Sunday, September 16, 2012

HOME "PORTRAIT" COMMISSION - 201 East University

"The Fowler Home - 201 East University"  16 x 20 Watercolor

Home portrait commissions are hard work.  Most go together pretty quick; the elements are easily defined and arranged into a pleasing composition.  If it's one of the quick ones, the "research phase" only involves 2 on location sessions for color notes and sketches of architecture details that are lost in the shadow areas of a photograph. The "drawing phase" is about 4 hours and the "painting phase" takes from 4 to 6 hours.  Then there are commissions that take a bit this one; "The Fowler Home".  As you can see from my reference photos below, this is not a small house!  

This 2-1/2 story home is a 100+year old beauty sitting on a 1/4 acre lot in a historical residential district of Waxahachie.  Mature trees surround the house and in the summer the dappled light adds to the charm.  One tree on the north side is probably older than the house.  On the south side toward the back is the carriage house.  The home and carriage house have been through many phases of restoration which involves a lot of time, patience, and expense. After many happy years of raising a family, the owners are now "empty nesters" and have decided to down-size.  They commissioned the painting as a memory to take with them and will pass the painting on to the children.

This is a close-up detail of the front door.
View looking north toward the 100+ year old tree
View of the front from the street
The carriage house

During my interview with the owners, I quickly discovered that the carriage house and the big tree were important to them.  In order to include both in the composition, the "angle" of the house had to be "straight-on" with the tree on the right and the carriage house on the left. Oh, and the brick walk was important too; they laid it by hand themselves. 

This is the finished drawing.  I worked on "thumbnail" sketches for 3 days, which involved several trips back to the house to verify bits of detail.  My process is to first get the proper "scale"; the house compared to the size of the carriage house and the big tree.  Next is to accurately draw the house. "Getting it right" on a project like this requires a lot of drawing, erasing, and the original draft is on a piece of transparent vellum that erases easily.  Throughout the entire drawing process, I'm checking to make sure all horizontal and vertical lines are "true".  If those lines are right, then all other lines fall into place easily, such as the hipped roof angles.  When I'm satisfied with the drawing, I transfer it to the watercolor paper using a graphite-based paper - it's the artist's "carbon" paper.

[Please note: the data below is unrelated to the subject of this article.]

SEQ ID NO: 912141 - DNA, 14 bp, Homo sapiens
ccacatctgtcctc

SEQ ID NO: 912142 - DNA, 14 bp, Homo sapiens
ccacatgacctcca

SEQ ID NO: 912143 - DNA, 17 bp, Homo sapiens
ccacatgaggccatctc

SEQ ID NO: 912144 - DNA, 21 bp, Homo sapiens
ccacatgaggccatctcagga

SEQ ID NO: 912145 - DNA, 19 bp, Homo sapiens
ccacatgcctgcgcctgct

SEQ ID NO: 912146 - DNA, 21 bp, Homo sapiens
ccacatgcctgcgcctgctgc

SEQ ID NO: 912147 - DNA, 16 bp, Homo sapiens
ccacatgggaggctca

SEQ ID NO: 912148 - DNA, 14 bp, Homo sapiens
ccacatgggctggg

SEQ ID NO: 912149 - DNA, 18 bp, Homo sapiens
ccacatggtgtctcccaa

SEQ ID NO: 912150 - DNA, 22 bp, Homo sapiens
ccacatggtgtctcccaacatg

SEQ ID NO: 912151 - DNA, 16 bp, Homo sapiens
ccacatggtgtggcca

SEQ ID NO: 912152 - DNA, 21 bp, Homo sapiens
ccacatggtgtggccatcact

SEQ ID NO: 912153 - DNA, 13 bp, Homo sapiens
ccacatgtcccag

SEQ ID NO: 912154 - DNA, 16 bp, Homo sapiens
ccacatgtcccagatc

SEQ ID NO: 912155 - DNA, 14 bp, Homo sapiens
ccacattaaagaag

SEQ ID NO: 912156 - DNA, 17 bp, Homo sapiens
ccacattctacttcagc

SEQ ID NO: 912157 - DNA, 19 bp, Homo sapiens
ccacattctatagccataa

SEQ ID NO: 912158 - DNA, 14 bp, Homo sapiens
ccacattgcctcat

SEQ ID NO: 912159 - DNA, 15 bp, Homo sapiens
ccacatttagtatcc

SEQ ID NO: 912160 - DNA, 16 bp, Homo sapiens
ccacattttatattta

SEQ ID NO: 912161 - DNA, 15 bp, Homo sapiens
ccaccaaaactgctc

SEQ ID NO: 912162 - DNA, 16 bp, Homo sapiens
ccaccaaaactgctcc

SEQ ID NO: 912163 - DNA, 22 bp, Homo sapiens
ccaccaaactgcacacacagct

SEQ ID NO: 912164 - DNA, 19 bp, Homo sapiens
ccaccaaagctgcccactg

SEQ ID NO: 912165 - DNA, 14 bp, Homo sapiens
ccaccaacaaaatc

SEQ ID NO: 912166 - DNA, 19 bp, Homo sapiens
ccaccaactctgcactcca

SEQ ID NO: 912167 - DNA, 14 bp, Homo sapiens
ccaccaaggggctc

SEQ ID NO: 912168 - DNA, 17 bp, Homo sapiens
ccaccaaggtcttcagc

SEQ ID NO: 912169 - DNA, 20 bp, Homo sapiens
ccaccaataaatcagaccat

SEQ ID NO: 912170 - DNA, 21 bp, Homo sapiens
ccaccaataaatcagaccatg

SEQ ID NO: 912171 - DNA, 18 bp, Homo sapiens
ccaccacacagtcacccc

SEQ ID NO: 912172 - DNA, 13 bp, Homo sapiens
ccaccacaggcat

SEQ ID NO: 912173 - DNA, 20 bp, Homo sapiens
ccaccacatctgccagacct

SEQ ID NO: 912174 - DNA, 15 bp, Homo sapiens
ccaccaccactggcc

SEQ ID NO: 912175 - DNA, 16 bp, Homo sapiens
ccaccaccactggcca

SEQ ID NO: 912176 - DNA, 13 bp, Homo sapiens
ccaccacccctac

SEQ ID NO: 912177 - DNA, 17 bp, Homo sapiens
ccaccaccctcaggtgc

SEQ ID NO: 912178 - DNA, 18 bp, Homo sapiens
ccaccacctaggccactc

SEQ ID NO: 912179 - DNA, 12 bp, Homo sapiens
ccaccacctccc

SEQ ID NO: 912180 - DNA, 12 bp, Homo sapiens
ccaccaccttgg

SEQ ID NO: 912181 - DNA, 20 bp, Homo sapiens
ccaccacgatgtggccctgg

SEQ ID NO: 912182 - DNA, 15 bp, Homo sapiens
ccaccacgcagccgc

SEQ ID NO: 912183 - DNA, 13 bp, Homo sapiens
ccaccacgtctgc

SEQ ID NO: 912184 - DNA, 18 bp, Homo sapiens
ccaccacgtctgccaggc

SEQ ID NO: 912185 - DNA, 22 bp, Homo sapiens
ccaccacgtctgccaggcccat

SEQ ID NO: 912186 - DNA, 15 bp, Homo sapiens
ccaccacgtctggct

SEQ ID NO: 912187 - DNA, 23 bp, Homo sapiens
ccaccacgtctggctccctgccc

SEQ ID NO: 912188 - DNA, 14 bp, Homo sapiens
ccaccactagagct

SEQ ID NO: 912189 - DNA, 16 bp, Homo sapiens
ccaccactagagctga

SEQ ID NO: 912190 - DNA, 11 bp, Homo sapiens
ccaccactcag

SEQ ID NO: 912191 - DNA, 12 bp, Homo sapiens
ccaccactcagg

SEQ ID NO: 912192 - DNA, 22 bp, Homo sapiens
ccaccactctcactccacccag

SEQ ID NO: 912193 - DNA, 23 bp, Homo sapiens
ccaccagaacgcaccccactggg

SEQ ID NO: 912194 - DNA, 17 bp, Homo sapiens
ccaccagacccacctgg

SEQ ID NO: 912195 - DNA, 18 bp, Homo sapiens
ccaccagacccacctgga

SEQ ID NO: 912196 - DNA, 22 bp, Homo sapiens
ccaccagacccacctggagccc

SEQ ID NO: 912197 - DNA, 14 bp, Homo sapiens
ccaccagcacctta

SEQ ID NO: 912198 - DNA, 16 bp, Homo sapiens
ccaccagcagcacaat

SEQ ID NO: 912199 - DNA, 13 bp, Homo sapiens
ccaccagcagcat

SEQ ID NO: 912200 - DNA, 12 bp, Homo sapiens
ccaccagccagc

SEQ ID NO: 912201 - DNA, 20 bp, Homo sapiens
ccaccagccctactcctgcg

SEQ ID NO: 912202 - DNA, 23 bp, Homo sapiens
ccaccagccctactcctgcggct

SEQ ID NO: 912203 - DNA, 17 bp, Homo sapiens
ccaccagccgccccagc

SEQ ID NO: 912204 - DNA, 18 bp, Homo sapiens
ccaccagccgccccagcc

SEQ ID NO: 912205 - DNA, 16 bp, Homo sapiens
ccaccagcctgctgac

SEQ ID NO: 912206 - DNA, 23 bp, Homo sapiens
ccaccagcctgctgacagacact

This is about 50% complete.  I've washed in the pale yellow color of the house leaving the white of the paper for the porch railings and trim.  Added some landscaping and part of the background on the right.  and lightly washed in the big tree's foliage. The Crape Myrtle tree and carriage house on the left are about 85%.

 I apologize for the "slanted" angle of this photo; the drawing is straight; it's my camera that's crooked -  This shows the washed in shadows and dappled light cast from the big tree on the roof & front of the house.  A little more detail is added to the trees and I've defined the brick walk and detail of the windows and doors a little more.  I will apply 2 or 3 more light washes to deepen the color of the house and finish the big tree & foliage.  The last is to finish the foreground'; I'll add shadows cast from the tree across the lawn and walk.  The home during different times of day is usually in "dappled light" and partial shade. It sits facing the east so this is a "morning" painting.

 I compare values and color against my photos and sketches - I allow the paint to completely dry to make sure there are no more value "shifts".  Watercolor when dry is usually 3 to 4 times lighter than when it is wet.  Since this painting is on 300# Arches paper, it takes about an hour to dry completely.  When completely dry and under low humidity conditions, I'll apply 3 coats of clear matte acrylic - front and back - to seal the painting and render it "waterproof".  My clients can make the decision to mat and frame it traditionally under glass...or (my preference) frame it without the mats or glass.

This commission was a lot of work - about 20 hours total; but it was joyful work.  I love turn-of-the-century homes...they just don't make 'em like that any more, and I appreciate people - like my clients - who take time and money to care and preserve them for the next generation.